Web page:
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Germany's Schäuble Calls For EU Petrol Tax

by Ulrika Lomas,, Brussels

18 January 2016

Germany's Finance Minister, Wolfgang Schäuble, has floated the idea of a surcharge on sales of gasoline in the European Union to help member states cover the costs of accommodating political asylum seekers.

Schäuble said in an interview with Süddeustche Zeitung on January 16 that if insufficient funds are currently available in national budgets to meet the challenges of the migration crisis and securing the external borders of the Schengen area, the extra money could be provided by an EU-level tax.

"I've said if the funds in the national budgets and the European budget are insufficient, then let us agree to set up, for instance, a tax on a certain amount on each liter of gasoline," Schäuble said. "We have to secure Schengen's external borders now. The solution to these problems must not founder due to a limitation of funds."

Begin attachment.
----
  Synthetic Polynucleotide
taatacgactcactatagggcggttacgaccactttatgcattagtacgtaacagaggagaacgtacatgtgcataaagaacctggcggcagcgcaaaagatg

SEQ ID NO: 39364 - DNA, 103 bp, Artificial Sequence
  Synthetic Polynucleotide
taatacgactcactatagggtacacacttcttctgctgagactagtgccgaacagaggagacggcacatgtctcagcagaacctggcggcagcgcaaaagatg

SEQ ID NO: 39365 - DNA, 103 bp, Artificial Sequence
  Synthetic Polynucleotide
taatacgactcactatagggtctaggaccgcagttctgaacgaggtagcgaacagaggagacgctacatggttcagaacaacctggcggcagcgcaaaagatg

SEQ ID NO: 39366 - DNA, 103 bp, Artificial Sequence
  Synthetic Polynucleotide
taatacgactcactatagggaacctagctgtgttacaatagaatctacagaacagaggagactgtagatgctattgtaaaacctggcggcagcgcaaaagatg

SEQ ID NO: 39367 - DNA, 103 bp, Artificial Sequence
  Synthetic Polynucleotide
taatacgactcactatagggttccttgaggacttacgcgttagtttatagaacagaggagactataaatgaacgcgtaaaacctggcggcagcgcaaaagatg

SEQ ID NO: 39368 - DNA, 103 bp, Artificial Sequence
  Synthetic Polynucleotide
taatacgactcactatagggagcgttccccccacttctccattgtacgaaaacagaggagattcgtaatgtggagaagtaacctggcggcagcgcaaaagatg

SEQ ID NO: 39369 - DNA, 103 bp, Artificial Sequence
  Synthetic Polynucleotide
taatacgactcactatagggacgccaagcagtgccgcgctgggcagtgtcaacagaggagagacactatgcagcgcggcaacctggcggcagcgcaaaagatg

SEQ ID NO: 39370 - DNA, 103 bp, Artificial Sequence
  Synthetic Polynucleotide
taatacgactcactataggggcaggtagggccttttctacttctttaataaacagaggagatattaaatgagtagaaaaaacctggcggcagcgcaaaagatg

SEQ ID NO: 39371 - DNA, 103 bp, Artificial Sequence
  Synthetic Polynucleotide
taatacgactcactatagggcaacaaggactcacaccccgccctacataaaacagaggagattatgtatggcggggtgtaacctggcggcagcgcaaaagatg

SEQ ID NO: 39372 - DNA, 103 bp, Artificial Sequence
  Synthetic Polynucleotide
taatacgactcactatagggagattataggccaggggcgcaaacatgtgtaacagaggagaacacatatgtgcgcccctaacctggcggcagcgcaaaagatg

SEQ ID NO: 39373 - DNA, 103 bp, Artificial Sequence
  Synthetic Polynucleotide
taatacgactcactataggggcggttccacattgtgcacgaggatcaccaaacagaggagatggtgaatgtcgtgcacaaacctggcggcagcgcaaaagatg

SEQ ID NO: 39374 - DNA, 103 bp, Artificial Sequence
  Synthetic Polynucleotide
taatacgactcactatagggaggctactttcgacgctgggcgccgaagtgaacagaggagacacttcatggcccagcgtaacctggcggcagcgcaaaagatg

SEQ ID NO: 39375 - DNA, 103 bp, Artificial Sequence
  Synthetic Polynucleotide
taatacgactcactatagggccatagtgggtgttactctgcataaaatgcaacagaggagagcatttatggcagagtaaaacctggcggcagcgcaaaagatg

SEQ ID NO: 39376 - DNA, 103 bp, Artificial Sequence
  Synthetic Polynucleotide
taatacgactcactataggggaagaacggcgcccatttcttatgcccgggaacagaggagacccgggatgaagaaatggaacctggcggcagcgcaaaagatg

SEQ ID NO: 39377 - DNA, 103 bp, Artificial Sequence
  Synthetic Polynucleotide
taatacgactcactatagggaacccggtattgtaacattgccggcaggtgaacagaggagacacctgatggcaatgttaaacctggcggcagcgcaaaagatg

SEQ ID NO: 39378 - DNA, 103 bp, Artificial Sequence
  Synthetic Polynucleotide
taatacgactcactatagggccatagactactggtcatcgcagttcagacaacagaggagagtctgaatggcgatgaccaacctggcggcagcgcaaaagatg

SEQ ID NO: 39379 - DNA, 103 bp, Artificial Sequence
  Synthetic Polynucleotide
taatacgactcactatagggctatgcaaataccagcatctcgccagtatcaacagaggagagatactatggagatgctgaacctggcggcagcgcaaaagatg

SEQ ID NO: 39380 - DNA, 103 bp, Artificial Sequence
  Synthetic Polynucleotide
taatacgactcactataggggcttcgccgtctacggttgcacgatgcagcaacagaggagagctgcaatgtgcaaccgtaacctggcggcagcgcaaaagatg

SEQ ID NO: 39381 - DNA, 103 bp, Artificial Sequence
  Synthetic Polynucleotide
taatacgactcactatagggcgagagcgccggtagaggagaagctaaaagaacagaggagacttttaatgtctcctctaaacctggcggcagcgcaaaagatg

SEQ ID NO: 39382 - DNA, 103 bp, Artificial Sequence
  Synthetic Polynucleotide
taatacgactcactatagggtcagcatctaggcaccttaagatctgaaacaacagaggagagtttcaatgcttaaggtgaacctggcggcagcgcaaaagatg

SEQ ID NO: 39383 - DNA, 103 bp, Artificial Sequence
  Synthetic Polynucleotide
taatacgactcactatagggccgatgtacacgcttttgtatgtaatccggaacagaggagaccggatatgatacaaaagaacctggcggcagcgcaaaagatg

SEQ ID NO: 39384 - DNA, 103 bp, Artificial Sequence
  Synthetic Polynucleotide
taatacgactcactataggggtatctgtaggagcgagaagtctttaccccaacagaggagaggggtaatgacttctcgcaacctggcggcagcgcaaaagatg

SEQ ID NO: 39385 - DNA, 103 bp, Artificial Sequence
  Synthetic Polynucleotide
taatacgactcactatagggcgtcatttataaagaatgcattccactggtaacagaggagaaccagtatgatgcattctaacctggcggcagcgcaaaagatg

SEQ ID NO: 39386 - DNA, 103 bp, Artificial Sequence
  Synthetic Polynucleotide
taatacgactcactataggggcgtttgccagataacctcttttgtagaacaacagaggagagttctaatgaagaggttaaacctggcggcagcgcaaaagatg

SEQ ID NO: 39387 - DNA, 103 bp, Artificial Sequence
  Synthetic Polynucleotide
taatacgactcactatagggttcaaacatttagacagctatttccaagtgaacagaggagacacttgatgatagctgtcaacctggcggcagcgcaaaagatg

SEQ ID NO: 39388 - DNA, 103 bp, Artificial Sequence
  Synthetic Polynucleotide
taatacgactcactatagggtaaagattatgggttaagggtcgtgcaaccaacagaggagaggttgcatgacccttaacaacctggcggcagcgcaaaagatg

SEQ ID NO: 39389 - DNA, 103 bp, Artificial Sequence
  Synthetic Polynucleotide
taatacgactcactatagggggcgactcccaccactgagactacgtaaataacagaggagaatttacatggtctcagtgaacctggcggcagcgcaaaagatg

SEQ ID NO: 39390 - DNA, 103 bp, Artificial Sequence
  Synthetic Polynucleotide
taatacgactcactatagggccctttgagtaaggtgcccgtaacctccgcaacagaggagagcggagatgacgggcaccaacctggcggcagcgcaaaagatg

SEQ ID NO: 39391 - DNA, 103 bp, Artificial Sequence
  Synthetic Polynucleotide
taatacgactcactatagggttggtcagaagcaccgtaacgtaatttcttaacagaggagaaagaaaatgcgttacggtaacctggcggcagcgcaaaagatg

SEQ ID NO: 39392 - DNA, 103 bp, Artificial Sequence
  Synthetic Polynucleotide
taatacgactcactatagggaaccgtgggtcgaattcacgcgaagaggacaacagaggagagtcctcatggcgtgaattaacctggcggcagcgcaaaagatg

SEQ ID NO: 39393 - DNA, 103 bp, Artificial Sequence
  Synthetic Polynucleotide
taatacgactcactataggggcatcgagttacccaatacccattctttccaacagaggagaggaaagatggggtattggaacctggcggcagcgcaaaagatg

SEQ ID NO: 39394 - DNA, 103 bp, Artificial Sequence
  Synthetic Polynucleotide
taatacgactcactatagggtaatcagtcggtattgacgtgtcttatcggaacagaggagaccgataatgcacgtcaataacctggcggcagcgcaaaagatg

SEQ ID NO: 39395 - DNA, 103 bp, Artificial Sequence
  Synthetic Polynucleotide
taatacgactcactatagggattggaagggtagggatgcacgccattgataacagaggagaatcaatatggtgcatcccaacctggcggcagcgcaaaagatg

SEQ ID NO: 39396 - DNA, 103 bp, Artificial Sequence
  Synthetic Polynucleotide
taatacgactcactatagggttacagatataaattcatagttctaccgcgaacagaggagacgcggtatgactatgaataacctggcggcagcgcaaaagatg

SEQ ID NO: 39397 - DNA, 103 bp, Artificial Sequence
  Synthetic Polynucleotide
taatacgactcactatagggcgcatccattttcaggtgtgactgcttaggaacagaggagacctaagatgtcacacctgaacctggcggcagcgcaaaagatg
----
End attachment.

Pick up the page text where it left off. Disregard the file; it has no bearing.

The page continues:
Schäuble went on to suggest that if the EU could not agree on the idea of such a levy, then a "coalition of the willing" would represent an acceptable compromise.

Confusingly, however, the Finance Minister appeared to reject calls for a separate EU-level tax in a speech given two days earlier during a symposium entitled "The Future of EU Finances" in Brussels saying that there is "no need" for new sources of revenue.

"It has been argued that a new source of revenue like an EU tax is necessary to provide more money for Europe. This sounds like a convincing argument but it is not correct," he said.

He added that: "As I said at the beginning of my speech, I have sympathy for a bigger revenue autonomy for the Union in principle. However, in the current system, there is no need for new sources of revenue like an EU tax to provide additional money for Europe."

The prevailing opinion within Schäuble's own Christian Democrat Party appears to be that additional taxation, in Germany at least, is not needed thanks to the favorable budgetary situation. Provisional data for 2015, presented by the Finance Ministry on January 13, revealed a structural budget surplus for a second consecutive year, of 0.1 percent of gross domestic product, or EUR12.1bn (USD13.5bn).

TAGS: Finance | tax | budget | oil and gas | Germany | Europe

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